Learn from an experimental physicist

Sep 01, 2016 learning text editor phys-492/592

When you log into a Linux machine using PuTTY from a Windows PC, you need a terminal based text editor to create or modify text files. If all you want to do is to read a text file, you need the following commands instead of a text editor:

$ cat README.txt # dump contents of README.txt to terminal
$ head -6 README.txt # dump the first 6 lines of README.txt to terminal
$ tail -7 README.txt # dump the last 7 lines of README.txt to terminal
$ less README.txt # use the whole terminal to show README.txt

less will occupy the whole terminal window to show the contents of a file. It is very useful for reading a file that is much longer than what can be shown in a small terminal window. You can use space to move down 1 page, and b to move up 1 page. For finer scrolling, press j to scroll down only one line, k to scroll up one line. You can search a word by pressing / first and then typing in the word you want to search for. If there are multiple occurrences of the word, you can used n to jump to the next occurrence, and p to jump to the previous occurrence. If you are done with browsing, press q to quit less and go back to the command prompt. If you want to change something in the file, press v to open it using the default text editor.

The default text editor is set through an environment variable using the following command:

export VISUAL='yourFavoriteTextEditor'
# or
export EDITOR='yourFavoriteTextEditor'

Save the setting to your .bashrc if you want to use this setting for later ssh sessions.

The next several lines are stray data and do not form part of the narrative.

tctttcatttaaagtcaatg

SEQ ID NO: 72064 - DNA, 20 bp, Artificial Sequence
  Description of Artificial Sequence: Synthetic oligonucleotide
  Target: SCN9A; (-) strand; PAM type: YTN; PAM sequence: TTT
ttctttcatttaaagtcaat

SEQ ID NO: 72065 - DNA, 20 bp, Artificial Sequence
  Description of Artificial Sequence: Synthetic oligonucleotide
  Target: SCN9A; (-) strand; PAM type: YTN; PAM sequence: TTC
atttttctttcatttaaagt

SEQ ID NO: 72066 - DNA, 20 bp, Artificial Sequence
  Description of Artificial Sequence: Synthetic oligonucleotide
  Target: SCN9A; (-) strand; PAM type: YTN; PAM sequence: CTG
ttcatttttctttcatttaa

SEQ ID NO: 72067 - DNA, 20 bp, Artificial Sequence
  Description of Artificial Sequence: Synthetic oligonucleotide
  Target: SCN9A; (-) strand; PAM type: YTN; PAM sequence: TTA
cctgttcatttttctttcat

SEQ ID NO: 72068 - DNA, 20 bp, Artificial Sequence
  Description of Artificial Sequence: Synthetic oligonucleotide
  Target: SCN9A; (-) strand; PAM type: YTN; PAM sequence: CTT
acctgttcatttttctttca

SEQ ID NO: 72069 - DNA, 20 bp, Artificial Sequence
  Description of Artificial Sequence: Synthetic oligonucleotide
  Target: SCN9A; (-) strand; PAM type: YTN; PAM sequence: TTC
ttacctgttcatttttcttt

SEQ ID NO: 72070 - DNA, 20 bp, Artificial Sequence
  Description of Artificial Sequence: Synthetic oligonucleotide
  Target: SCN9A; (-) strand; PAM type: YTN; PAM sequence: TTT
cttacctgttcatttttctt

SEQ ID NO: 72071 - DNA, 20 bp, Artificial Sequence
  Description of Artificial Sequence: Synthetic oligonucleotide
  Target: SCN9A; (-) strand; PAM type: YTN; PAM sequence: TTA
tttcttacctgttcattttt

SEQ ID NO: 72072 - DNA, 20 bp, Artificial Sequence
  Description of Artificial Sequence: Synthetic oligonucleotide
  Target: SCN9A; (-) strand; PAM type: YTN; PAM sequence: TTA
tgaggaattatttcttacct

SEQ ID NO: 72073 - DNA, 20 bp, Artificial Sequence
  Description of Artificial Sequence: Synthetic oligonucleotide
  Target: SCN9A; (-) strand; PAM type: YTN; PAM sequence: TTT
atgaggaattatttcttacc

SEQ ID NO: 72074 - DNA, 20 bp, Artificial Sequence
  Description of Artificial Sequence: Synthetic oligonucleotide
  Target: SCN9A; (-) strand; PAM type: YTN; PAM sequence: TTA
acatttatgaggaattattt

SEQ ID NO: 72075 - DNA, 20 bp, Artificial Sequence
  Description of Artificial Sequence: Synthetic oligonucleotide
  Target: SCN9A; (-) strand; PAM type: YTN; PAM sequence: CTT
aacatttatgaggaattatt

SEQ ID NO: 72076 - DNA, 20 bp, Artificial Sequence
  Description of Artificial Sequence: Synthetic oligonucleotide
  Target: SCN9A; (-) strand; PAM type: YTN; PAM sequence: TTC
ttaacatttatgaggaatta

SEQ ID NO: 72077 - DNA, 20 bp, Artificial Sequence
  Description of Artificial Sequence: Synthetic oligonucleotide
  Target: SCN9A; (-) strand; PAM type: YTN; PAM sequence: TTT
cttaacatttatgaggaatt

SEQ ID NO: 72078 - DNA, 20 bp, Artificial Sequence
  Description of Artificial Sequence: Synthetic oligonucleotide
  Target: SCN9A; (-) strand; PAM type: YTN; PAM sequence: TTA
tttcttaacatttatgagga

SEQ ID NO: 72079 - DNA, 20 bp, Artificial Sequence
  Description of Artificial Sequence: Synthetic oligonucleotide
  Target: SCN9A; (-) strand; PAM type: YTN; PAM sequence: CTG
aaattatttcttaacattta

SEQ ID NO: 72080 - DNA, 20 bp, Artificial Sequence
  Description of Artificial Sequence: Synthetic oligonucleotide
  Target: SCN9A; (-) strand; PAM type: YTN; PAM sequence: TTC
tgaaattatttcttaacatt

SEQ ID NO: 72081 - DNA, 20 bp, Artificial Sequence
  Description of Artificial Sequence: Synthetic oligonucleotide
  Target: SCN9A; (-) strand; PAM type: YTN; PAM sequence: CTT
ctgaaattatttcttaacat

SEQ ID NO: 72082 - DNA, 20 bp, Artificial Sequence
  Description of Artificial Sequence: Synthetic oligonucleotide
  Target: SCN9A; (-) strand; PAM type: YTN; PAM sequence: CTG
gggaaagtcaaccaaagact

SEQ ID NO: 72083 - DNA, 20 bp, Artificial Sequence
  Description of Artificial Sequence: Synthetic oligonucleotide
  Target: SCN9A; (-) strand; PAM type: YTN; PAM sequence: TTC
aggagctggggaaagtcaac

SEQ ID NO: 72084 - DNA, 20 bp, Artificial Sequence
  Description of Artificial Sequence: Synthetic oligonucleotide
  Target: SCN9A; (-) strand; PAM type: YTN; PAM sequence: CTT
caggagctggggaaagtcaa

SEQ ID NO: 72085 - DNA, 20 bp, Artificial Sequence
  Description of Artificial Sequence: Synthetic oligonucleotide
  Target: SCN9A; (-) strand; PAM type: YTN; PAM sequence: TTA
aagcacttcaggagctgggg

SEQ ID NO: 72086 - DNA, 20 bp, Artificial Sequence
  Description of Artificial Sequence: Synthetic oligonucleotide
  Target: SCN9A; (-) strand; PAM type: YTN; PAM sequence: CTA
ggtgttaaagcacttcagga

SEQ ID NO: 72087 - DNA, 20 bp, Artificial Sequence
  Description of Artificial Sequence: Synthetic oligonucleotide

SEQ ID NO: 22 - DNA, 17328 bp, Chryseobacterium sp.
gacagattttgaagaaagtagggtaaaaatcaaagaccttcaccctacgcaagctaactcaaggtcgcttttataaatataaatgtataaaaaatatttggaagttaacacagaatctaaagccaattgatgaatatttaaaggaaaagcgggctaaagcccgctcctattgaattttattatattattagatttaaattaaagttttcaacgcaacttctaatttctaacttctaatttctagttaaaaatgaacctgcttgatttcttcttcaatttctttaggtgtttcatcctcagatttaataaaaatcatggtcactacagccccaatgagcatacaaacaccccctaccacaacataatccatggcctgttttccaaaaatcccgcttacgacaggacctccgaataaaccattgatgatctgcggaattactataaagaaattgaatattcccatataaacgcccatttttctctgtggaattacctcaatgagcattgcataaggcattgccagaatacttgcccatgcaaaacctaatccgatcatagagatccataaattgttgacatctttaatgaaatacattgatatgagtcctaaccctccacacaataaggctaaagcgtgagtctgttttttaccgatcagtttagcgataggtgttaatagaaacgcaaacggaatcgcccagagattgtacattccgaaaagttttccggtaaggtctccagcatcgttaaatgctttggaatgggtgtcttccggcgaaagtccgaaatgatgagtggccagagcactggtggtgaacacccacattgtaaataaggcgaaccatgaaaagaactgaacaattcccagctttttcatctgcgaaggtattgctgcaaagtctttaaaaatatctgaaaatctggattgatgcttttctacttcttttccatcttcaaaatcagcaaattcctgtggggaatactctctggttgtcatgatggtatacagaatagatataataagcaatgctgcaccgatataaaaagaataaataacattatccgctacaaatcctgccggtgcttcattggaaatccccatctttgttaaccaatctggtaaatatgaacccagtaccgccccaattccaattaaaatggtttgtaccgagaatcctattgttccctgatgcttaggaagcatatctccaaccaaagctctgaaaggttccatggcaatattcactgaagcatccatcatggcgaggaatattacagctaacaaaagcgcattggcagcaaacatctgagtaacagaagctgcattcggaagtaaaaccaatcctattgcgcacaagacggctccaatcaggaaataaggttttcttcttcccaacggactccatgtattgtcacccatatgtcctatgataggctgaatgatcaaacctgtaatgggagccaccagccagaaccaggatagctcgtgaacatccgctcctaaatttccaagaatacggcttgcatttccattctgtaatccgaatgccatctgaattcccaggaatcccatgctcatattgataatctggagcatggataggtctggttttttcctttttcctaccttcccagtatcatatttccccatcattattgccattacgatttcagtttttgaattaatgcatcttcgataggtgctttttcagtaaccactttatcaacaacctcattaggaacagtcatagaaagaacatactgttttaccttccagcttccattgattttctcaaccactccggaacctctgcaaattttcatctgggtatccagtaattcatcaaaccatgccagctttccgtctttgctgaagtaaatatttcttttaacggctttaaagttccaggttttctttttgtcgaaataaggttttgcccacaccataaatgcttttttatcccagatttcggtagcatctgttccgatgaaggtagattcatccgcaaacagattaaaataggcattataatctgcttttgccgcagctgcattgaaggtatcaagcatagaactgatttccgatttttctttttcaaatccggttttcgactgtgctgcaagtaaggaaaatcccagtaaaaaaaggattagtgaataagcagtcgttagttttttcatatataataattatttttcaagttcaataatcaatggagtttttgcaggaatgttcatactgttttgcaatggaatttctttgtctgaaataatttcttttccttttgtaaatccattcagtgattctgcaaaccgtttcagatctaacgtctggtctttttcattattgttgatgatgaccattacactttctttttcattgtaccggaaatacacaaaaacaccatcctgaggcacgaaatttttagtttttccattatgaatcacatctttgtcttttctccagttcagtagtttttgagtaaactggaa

If none of the environment variable ($VISUAL or $EDITOR) is set, less will use vi to edit the file. Vi is one of the oldest and most popular text editors together with Emacs. Vi is quite unique in its way to handle keyboard shortcuts. Unlike most other editors, where shortcuts are combinations of modifier keys and other keys, for example, Ctrl+c is a shortcut of copy and Ctrl+v is a shortcut of paste, in Vi you have to switch to a special state, called Command mode, where normal keys can be pressed directly to issue commands without the need to hold a modifier key at the same time, for example, yw copies a word, p pastes the word. Normal keys behave normally only in the Insert mode. Such a concept is quite counter intuitive, or more precisely, quite different from the editing habit most people have established from their daily usage of Windows. According to a study, it takes beginners much more time to learn Vi than to learn Emacs, while experienced Vi and Emacs users are equally efficient. Given such a result, a regular Windows user who wants to learn Linux command line operation should avoid learning Vi to save time.

Many terminal based editors have emerged after Vi and Emacs. They normally have keyboard shortcuts that most people have got used to. It is much easier to learn them than to learn both Vi and Emacs. They may not be as powerful, but should be good enough for most casual editing. micro is one of them. Since it is meant to be a successor to the nano editor, which is small and easy to use already, micro strives to be even easier to use and intuitive. Two important editing functions that are missing from both are

  1. word completion, that is, to press a key, normally Tab, to complete a long word based on the first two or three letters
  2. column mode editing, that is, change several letters in the same columns across multiple lines

Another problem of micro is that it is impossible to copy from and paste into it in Windows through PuTTY.

Otherwise, they have the following features that are important for text editing:

  1. syntax highlighting, that is, keywords in a certain programming language will be highlighted in color. This will help you to identify misspelt keywords, since they won’t be highlighted.
  2. Searching and replacing words.
  3. undo and redo.
  4. auto indent, that is, when you press enter to open a new line, the new line will be indented the same amount as the previous line automatically.

Blogs on physics research and educational activities of Jing LIU, an assistant professor in physics at the University of South Dakota. He is an experimental physicist developing novel particle detectors for astroparticle physics and civil use.